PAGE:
Why I Stopped Making Mixtapes

“It’s either ‘get into them’ and be a legend of all time, or ‘get into yourself’ and be a legend in your own mind”. ~ Grandmaster Flash

People always ask me for mixtapes all the time. They ask for a number of reasons – to check out my style, sample my music collection, for work-out soundtrack, to play at a party (instead of hiring a DJ … not recommended!), and so forth.

To me, a DJ mixtape is like a business card. It is one of the most important ways that a DJ advertises his or her services. Mixtapes ought to give people a very good idea of what to expect when the DJ plays at an event.

And that’s why I stopped making them.

Okay, let me explain.

MixtapeMixtapes have always played a huge role in DJ culture, particularly the hip-hop DJ culture (i.e. the one that started it all). Before the SoundCloud era, DJs introduced new music to the community. They did this through parties, at clubs, on the radio, and with their mixtapes.

Many iconic DJ’s made their mark with classic mixtapes. People looked forward to their favorite DJs’ mixtapes, so they could hear what’s popping at the moment. Artists often got their big break through features on mixtapes. Because of all this, there’s something classic and timeless about solid mixtapes, and DJs actively pursued those virtues as they crafted their mixes. Well … at least, there used to be.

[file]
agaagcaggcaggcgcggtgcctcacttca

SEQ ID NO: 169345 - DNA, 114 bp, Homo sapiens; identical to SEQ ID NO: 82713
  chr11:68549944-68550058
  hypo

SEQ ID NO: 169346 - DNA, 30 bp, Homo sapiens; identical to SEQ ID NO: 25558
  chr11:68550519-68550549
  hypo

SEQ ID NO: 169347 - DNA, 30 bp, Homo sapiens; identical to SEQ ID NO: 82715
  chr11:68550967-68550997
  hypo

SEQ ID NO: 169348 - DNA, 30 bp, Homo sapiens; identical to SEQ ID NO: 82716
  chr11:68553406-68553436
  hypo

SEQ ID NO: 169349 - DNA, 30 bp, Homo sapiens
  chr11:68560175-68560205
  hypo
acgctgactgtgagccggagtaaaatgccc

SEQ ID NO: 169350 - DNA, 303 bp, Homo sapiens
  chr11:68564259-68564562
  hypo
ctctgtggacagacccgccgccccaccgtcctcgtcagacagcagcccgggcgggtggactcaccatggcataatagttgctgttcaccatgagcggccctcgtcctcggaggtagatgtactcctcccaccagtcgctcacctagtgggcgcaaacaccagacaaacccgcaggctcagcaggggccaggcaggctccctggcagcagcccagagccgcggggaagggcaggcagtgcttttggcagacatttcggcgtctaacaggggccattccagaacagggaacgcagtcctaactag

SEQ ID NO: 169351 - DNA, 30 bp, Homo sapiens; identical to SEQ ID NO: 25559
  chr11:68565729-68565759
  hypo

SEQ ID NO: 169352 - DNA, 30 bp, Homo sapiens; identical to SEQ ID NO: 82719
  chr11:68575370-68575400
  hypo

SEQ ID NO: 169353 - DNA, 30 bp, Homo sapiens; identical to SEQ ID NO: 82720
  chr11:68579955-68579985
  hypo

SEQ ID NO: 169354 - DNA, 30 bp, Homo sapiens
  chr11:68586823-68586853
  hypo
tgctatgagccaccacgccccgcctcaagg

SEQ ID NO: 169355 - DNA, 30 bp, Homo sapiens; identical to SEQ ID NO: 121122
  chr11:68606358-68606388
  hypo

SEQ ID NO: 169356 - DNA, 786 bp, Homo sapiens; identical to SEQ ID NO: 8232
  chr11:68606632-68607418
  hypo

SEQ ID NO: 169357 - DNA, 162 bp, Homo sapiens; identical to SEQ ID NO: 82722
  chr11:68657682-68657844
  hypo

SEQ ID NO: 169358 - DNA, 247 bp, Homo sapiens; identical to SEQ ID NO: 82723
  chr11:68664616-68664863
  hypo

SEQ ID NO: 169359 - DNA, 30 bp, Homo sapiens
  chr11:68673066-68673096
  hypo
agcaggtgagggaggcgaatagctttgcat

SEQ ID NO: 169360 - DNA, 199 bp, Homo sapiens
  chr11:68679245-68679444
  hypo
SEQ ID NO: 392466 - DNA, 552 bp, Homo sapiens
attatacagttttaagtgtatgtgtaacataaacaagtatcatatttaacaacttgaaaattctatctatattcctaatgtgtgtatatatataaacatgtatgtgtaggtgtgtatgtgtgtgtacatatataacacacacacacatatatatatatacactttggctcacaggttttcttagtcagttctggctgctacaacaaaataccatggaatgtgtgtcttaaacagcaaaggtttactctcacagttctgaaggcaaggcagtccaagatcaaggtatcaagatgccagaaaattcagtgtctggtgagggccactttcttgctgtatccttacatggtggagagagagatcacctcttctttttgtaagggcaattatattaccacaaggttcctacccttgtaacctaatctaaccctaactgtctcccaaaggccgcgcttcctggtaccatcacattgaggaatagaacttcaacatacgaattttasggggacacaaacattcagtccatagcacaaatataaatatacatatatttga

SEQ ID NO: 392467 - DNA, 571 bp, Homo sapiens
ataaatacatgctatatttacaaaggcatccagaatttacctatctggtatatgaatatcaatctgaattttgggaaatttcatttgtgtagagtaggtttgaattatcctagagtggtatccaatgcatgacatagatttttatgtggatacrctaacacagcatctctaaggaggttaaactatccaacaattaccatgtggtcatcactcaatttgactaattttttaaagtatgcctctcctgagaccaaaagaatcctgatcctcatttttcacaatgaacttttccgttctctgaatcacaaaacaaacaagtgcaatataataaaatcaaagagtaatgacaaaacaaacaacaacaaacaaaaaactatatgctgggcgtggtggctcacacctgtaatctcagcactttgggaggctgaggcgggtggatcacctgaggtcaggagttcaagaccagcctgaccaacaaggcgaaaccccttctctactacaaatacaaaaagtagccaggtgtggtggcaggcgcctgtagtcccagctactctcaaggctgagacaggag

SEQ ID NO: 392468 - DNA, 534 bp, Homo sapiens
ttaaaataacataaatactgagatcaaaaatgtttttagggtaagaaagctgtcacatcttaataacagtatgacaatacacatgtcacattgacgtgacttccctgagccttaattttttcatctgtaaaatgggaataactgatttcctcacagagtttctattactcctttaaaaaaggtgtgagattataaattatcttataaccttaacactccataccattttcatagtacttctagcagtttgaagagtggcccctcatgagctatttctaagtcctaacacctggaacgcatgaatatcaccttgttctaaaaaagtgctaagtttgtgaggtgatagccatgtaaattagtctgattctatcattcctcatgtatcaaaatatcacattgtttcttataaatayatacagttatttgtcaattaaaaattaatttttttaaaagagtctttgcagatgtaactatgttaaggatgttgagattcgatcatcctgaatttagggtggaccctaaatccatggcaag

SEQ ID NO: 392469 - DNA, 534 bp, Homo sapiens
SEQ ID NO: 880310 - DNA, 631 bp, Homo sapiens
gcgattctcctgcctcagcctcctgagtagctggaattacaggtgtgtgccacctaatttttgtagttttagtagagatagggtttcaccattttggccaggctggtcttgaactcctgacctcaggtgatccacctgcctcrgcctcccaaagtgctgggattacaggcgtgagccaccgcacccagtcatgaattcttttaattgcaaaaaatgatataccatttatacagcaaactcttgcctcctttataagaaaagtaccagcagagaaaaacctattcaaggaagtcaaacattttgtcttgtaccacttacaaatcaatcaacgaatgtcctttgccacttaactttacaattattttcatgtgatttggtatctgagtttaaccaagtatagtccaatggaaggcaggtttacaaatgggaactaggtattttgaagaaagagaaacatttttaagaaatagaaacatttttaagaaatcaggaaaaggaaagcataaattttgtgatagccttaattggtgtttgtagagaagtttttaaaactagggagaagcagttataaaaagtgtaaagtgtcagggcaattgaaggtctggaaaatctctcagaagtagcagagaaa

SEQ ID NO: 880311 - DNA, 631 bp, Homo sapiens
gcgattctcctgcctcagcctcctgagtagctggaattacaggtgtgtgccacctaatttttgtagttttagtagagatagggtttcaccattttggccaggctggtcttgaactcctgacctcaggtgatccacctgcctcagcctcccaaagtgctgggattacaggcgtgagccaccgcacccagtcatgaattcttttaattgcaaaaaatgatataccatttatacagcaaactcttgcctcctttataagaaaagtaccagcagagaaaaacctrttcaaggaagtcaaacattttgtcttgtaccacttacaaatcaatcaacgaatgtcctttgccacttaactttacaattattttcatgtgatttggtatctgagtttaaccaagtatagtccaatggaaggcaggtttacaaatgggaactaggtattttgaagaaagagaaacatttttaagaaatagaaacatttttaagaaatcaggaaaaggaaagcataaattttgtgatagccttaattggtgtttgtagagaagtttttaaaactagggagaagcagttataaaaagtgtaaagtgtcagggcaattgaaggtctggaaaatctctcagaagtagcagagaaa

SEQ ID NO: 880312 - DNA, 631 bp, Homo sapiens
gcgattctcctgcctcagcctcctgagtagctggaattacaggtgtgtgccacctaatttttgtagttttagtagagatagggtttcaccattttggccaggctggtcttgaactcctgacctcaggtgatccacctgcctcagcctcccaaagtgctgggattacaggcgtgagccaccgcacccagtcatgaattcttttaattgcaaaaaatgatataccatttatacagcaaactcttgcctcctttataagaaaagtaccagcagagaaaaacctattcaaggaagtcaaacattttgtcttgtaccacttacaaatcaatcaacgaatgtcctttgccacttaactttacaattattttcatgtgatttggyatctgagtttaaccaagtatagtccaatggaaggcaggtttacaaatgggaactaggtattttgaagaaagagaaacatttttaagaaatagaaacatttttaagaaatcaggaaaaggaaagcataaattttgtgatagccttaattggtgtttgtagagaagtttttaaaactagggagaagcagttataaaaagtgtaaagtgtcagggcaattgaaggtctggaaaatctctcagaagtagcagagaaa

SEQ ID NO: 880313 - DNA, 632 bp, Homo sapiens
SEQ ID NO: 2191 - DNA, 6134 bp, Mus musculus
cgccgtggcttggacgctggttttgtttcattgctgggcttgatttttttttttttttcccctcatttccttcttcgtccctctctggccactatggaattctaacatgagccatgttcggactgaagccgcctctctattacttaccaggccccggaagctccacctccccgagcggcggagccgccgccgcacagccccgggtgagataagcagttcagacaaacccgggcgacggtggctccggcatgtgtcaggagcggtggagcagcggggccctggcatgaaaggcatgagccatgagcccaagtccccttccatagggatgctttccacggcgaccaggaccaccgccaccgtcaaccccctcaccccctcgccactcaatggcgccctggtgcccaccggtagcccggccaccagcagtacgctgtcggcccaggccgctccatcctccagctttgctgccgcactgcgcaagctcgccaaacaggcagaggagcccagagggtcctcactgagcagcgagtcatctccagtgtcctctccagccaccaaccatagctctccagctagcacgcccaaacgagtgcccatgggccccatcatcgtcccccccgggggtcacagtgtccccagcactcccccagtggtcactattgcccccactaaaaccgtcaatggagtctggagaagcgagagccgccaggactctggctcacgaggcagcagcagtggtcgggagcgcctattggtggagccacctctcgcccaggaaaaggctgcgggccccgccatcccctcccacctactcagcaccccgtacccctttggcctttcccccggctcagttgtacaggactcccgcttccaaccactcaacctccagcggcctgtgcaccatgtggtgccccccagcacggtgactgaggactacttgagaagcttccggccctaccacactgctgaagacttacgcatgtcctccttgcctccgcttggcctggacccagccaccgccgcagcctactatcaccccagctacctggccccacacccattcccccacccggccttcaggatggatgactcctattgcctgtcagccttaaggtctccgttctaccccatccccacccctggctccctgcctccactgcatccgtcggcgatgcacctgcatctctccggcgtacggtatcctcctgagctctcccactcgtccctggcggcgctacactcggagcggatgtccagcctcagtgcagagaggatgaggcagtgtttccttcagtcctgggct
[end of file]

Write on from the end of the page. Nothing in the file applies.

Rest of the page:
Things have changed drastically, thanks to the internet and the plethora of free music-sharing platforms. Also, the fact that we’re flooded with so much new music nowadays means most of the new stuff doesn’t leave a lasting impression (or listeners’ attention spans have shortened tremendously. Take your pick :-)). The way many DJs respond to this new dynamic is by flooding the internet with mixtapes. To stay relevant, we keep churning out new content to keep in-step with the rapid-fire influx of new music. Makes sense, right?

I prefer a different approach.

As a DJ, my mixtapes should show that I am on top of my game, and I keep up with what’s current and popping. But regardless of entertainment trends, quality ALWAYS outlasts quantity. Those classic and timeless virtues I mentioned earlier get lost in all that content we’re pumping into the web. I had to step back and realize the delicate balance between RELEVANCE and LEGACY. The former gets me ‘through the door’ and may win some attention, but is based on transient trends. The latter takes time to develop, but will eventually produce a loyal audience that keeps coming back for more!

So, I stopped making mixtapes. Well, definitely not as frequently as I used to. Now, I invest a lot of time and resources in identifying what is ‘classic’ and ‘timeless’. Taking this approach challenges me to be more thoughtful and creative in my mixtape-crafting process. I’m challenged to see beyond “what’s popping”, to create unique musical experiences that can resonate with everyone.  I’m challenged to be more innovative in the way I connect with my audience, e.g. live mix videos (check out The Sessions).

Of course, this approach may not appeal to casual browsers who’re just looking for the trendy stuff. I always get questions like “Your mixtapes are cool … but do you have any new music?” But it’s all worth it.

TL;DR – I don’t make mixtapes anymore. Ain’t nobody got time for that. I strive to create unique musical experiences through a variety of media – mixtapes, videos, and so forth. It’s more than just putting out the latest content. It’s about quality content that showcases uniqueness and creativity.

— Maurice